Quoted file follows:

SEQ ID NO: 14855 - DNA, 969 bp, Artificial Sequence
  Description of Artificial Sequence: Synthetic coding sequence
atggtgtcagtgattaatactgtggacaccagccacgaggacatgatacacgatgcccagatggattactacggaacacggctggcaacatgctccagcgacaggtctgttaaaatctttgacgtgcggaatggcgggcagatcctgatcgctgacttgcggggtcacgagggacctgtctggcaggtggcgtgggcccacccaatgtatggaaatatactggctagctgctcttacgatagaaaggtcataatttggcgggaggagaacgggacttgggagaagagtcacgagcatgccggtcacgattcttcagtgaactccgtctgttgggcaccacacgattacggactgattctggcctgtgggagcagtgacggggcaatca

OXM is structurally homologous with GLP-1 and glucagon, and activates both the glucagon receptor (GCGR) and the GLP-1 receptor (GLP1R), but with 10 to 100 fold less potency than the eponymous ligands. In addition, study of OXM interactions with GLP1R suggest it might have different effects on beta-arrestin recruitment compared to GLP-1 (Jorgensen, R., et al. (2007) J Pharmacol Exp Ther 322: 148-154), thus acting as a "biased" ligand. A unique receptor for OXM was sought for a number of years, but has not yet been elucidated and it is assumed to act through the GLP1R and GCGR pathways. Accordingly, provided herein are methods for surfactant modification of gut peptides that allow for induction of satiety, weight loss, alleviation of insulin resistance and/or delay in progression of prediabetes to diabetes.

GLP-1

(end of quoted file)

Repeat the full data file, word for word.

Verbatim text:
SEQ ID NO: 14855 - DNA, 969 bp, Artificial Sequence
  Description of Artificial Sequence: Synthetic coding sequence
atggtgtcagtgattaatactgtggacaccagccacgaggacatgatacacgatgcccagatggattactacggaacacggctggcaacatgctccagcgacaggtctgttaaaatctttgacgtgcggaatggcgggcagatcctgatcgctgacttgcggggtcacgagggacctgtctggcaggtggcgtgggcccacccaatgtatggaaatatactggctagctgctcttacgatagaaaggtcataatttggcgggaggagaacgggacttgggagaagagtcacgagcatgccggtcacgattcttcagtgaactccgtctgttgggcaccacacgattacggactgattctggcctgtgggagcagtgacggggcaatca

OXM is structurally homologous with GLP-1 and glucagon, and activates both the glucagon receptor (GCGR) and the GLP-1 receptor (GLP1R), but with 10 to 100 fold less potency than the eponymous ligands. In addition, study of OXM interactions with GLP1R suggest it might have different effects on beta-arrestin recruitment compared to GLP-1 (Jorgensen, R., et al. (2007) J Pharmacol Exp Ther 322: 148-154), thus acting as a "biased" ligand. A unique receptor for OXM was sought for a number of years, but has not yet been elucidated and it is assumed to act through the GLP1R and GCGR pathways. Accordingly, provided herein are methods for surfactant modification of gut peptides that allow for induction of satiety, weight loss, alleviation of insulin resistance and/or delay in progression of prediabetes to diabetes.

GLP-1